Repeated administration of methamphetamine blocked cholecystokinin- octapeptide injection-induced c-fos mRNA expression without change in capsaicin-induced junD mRNA expression in rat cerebellum

Mitsuko Hamamura, Hidetoshi Ozawa, Miwako Ozaki, Takao Shimazoe, Yoshihiro Terada, Yasuyuki Fukumaki

Research output: Contribution to journalArticlepeer-review

1 Citation (Scopus)

Abstract

In the cerebellum, there are numerous cholecystokinin (CCK-8)-containing fibers. Since systemic CCK-8 injection-induced anxiety (psychological stress) activates the locus coeruleus cells that send mossy fiber inputs to the cerebellum, we examined whether systemic CCK-8 injections activate the rat and mouse cerebellum. First, injections of CCK-8 were found to induce c-fos mRNA expression in a vague patchy pattern that is different from single methamphetamine-induced Zebrin band-like c-fos mRNA expression, suggesting that the CCK-8 activating mossy fibers induce gene expression differently from the dopamine-containing mossy fibers in the ventral tegmental area. Second, since CCK-8 facilitates neural activity of dopamine in the midbrain, we examined whether repeated methamphetamine administration that induced behavioral sensitization had similar effects on the cerebellar CCK system. Repeated administration of methamphetamine suppressed the CCK-8-induced c-fos mRNA expression in the rat cerebellum. Third, capsaicin injections (physical stress) into a hind limb of the rat increased junD mRNA expression with no effect on c-fos mRNA expression, and repeated methamphetamine injections had no effect on the capsaicin-induced expression of junD mRNA. Fourth, either single injection of methamphetamine or CCK-8 to mice increased c-fos mRNA expression in the locus coeruleus, and so noradrenalin, but not dopamine, might interact with CCK-8-activating system. However, we considered the possibility unlikely. Thus, we conclude that repeated methamphetamine administration though dopamine selectively inhibits the c-fos mRNA expression after CCK-8 injection in the cerebellum.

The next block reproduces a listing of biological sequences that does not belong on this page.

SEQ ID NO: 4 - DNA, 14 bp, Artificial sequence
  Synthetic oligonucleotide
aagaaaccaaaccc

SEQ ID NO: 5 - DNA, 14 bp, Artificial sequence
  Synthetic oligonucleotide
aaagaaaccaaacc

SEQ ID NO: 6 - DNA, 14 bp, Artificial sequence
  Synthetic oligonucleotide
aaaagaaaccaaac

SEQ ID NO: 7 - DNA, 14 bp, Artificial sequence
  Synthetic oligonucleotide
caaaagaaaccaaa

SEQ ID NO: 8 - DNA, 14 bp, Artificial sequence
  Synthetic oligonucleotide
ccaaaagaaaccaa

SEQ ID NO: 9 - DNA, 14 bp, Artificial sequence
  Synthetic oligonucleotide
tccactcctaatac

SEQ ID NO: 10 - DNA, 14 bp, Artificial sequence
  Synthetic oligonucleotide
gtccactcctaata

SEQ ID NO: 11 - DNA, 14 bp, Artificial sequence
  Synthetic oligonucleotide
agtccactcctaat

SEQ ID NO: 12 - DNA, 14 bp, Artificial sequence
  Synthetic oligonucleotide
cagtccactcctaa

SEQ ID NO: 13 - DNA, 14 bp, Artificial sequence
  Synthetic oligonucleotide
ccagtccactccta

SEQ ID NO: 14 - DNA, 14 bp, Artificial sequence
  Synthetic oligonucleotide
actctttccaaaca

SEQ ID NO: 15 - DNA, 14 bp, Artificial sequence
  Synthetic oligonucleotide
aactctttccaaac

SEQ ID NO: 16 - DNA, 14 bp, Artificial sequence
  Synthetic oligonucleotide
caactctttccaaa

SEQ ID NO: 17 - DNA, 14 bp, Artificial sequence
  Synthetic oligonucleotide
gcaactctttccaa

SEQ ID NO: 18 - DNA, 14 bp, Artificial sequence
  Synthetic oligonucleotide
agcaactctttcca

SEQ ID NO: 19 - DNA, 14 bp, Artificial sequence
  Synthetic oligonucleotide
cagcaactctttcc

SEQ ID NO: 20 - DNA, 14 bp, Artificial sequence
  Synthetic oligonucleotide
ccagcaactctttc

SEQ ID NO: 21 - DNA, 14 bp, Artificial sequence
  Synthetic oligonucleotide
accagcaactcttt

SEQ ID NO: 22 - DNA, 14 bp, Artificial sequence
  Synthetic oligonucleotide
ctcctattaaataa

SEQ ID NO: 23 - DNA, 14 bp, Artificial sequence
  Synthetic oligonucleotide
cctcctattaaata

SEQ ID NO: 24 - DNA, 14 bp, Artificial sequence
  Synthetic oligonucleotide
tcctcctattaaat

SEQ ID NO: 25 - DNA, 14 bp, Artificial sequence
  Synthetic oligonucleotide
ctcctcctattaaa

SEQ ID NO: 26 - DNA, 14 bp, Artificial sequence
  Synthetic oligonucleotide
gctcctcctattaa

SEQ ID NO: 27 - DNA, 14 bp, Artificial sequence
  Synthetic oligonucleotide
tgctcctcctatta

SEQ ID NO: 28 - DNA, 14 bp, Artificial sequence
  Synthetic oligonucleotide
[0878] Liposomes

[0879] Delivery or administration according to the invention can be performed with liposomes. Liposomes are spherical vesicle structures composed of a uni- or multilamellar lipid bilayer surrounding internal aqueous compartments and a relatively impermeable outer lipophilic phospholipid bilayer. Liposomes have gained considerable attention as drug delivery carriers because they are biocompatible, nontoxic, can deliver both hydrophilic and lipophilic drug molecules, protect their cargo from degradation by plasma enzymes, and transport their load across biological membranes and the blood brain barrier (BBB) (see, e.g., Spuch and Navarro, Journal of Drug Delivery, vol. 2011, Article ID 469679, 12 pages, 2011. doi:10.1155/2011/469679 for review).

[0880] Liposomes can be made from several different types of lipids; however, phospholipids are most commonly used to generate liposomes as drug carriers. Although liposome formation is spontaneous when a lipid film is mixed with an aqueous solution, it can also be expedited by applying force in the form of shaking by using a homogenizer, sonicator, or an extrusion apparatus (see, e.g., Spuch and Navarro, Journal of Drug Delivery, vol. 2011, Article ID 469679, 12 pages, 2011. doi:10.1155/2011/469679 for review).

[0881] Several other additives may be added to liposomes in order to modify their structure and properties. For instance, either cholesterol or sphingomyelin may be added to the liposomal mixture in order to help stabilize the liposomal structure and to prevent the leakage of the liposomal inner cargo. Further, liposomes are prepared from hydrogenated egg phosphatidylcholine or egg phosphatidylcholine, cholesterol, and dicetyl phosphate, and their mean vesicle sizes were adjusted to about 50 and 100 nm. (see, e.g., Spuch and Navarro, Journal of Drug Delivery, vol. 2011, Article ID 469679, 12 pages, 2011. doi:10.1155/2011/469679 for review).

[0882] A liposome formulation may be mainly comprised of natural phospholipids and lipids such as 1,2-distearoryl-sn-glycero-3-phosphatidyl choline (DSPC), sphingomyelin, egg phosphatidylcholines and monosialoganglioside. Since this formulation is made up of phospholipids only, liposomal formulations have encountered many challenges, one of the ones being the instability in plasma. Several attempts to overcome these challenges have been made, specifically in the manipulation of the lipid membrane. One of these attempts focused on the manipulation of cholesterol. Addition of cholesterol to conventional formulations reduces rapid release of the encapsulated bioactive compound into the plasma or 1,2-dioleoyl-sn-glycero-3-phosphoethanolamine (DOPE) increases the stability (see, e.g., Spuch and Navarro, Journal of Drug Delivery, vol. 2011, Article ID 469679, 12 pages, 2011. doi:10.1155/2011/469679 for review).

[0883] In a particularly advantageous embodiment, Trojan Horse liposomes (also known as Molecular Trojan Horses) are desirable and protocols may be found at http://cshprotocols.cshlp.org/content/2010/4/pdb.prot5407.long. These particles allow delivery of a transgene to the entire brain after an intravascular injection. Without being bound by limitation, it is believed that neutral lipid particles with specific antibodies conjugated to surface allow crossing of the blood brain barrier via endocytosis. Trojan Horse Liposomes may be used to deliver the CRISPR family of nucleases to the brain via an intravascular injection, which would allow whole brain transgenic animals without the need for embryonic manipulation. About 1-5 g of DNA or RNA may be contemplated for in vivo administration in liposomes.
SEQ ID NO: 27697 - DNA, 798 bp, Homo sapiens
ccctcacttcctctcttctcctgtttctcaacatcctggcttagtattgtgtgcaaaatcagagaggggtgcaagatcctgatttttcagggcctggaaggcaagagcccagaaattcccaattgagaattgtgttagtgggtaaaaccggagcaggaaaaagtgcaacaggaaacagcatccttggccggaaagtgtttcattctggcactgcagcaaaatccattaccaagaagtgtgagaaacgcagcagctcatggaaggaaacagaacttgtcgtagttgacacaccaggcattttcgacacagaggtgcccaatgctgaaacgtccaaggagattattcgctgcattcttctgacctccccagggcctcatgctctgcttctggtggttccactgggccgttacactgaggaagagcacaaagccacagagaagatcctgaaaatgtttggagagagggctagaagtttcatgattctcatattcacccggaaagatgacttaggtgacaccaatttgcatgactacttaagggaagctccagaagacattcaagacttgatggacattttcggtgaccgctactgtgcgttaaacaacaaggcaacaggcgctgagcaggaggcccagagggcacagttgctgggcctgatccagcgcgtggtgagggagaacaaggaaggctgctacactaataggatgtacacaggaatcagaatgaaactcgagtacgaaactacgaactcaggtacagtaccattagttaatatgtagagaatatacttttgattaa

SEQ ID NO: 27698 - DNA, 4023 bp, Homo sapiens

Original languageEnglish
Pages (from-to)1041-1053
Number of pages13
JournalJournal of Neural Transmission
Volume117
Issue number9
DOIs
Publication statusPublished - Sep 2010

All Science Journal Classification (ASJC) codes

  • Neurology
  • Clinical Neurology
  • Psychiatry and Mental health
  • Biological Psychiatry

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